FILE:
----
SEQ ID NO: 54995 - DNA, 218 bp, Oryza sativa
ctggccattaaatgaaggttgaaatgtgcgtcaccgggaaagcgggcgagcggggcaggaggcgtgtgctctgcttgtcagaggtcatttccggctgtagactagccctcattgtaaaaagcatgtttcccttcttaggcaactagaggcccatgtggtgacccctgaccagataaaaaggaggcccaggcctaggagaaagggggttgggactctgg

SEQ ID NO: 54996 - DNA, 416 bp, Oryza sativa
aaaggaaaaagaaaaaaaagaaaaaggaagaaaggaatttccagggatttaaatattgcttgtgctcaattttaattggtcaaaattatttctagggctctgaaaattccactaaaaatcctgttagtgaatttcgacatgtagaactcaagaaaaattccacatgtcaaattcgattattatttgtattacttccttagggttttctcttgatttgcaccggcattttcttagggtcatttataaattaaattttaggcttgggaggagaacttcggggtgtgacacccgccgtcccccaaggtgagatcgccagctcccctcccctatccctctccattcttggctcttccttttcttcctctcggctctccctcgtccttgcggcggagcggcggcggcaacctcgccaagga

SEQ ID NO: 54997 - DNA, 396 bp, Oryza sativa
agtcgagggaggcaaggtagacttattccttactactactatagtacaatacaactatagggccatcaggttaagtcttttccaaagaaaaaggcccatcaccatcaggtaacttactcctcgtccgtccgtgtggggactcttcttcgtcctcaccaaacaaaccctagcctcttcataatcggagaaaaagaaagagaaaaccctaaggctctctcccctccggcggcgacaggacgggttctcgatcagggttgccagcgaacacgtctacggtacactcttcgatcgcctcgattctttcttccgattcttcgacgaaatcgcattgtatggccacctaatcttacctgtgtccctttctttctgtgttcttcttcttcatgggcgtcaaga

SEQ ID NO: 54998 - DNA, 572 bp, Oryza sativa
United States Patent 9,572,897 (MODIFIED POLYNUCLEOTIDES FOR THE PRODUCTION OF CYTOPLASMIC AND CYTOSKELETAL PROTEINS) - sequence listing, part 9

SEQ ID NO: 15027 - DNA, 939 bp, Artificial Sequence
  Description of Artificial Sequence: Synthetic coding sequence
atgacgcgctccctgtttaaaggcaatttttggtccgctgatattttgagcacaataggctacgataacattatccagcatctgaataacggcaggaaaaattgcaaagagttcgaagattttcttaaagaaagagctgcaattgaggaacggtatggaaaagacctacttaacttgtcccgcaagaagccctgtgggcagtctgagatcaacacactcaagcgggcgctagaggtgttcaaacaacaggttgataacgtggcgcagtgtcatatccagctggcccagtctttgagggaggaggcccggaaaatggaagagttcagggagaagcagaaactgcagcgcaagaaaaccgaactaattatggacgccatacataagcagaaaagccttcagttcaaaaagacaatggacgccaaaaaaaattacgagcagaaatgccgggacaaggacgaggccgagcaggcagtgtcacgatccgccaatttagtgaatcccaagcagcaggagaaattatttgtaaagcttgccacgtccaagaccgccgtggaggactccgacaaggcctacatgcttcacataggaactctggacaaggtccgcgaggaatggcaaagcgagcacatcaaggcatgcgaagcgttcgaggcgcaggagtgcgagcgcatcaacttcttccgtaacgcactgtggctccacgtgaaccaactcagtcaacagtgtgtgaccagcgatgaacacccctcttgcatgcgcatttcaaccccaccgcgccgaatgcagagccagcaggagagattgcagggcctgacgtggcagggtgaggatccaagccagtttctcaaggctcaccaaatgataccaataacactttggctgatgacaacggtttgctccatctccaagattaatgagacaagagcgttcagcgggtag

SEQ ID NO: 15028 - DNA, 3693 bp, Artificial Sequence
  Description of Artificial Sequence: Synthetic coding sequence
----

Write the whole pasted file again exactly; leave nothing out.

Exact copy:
SEQ ID NO: 54995 - DNA, 218 bp, Oryza sativa
ctggccattaaatgaaggttgaaatgtgcgtcaccgggaaagcgggcgagcggggcaggaggcgtgtgctctgcttgtcagaggtcatttccggctgtagactagccctcattgtaaaaagcatgtttcccttcttaggcaactagaggcccatgtggtgacccctgaccagataaaaaggaggcccaggcctaggagaaagggggttgggactctgg

SEQ ID NO: 54996 - DNA, 416 bp, Oryza sativa
aaaggaaaaagaaaaaaaagaaaaaggaagaaaggaatttccagggatttaaatattgcttgtgctcaattttaattggtcaaaattatttctagggctctgaaaattccactaaaaatcctgttagtgaatttcgacatgtagaactcaagaaaaattccacatgtcaaattcgattattatttgtattacttccttagggttttctcttgatttgcaccggcattttcttagggtcatttataaattaaattttaggcttgggaggagaacttcggggtgtgacacccgccgtcccccaaggtgagatcgccagctcccctcccctatccctctccattcttggctcttccttttcttcctctcggctctccctcgtccttgcggcggagcggcggcggcaacctcgccaagga

SEQ ID NO: 54997 - DNA, 396 bp, Oryza sativa
agtcgagggaggcaaggtagacttattccttactactactatagtacaatacaactatagggccatcaggttaagtcttttccaaagaaaaaggcccatcaccatcaggtaacttactcctcgtccgtccgtgtggggactcttcttcgtcctcaccaaacaaaccctagcctcttcataatcggagaaaaagaaagagaaaaccctaaggctctctcccctccggcggcgacaggacgggttctcgatcagggttgccagcgaacacgtctacggtacactcttcgatcgcctcgattctttcttccgattcttcgacgaaatcgcattgtatggccacctaatcttacctgtgtccctttctttctgtgttcttcttcttcatgggcgtcaaga

SEQ ID NO: 54998 - DNA, 572 bp, Oryza sativa
United States Patent 9,572,897 (MODIFIED POLYNUCLEOTIDES FOR THE PRODUCTION OF CYTOPLASMIC AND CYTOSKELETAL PROTEINS) - sequence listing, part 9

SEQ ID NO: 15027 - DNA, 939 bp, Artificial Sequence
  Description of Artificial Sequence: Synthetic coding sequence
atgacgcgctccctgtttaaaggcaatttttggtccgctgatattttgagcacaataggctacgataacattatccagcatctgaataacggcaggaaaaattgcaaagagttcgaagattttcttaaagaaagagctgcaattgaggaacggtatggaaaagacctacttaacttgtcccgcaagaagccctgtgggcagtctgagatcaacacactcaagcgggcgctagaggtgttcaaacaacaggttgataacgtggcgcagtgtcatatccagctggcccagtctttgagggaggaggcccggaaaatggaagagttcagggagaagcagaaactgcagcgcaagaaaaccgaactaattatggacgccatacataagcagaaaagccttcagttcaaaaagacaatggacgccaaaaaaaattacgagcagaaatgccgggacaaggacgaggccgagcaggcagtgtcacgatccgccaatttagtgaatcccaagcagcaggagaaattatttgtaaagcttgccacgtccaagaccgccgtggaggactccgacaaggcctacatgcttcacataggaactctggacaaggtccgcgaggaatggcaaagcgagcacatcaaggcatgcgaagcgttcgaggcgcaggagtgcgagcgcatcaacttcttccgtaacgcactgtggctccacgtgaaccaactcagtcaacagtgtgtgaccagcgatgaacacccctcttgcatgcgcatttcaaccccaccgcgccgaatgcagagccagcaggagagattgcagggcctgacgtggcagggtgaggatccaagccagtttctcaaggctcaccaaatgataccaataacactttggctgatgacaacggtttgctccatctccaagattaatgagacaagagcgttcagcgggtag

SEQ ID NO: 15028 - DNA, 3693 bp, Artificial Sequence
  Description of Artificial Sequence: Synthetic coding sequence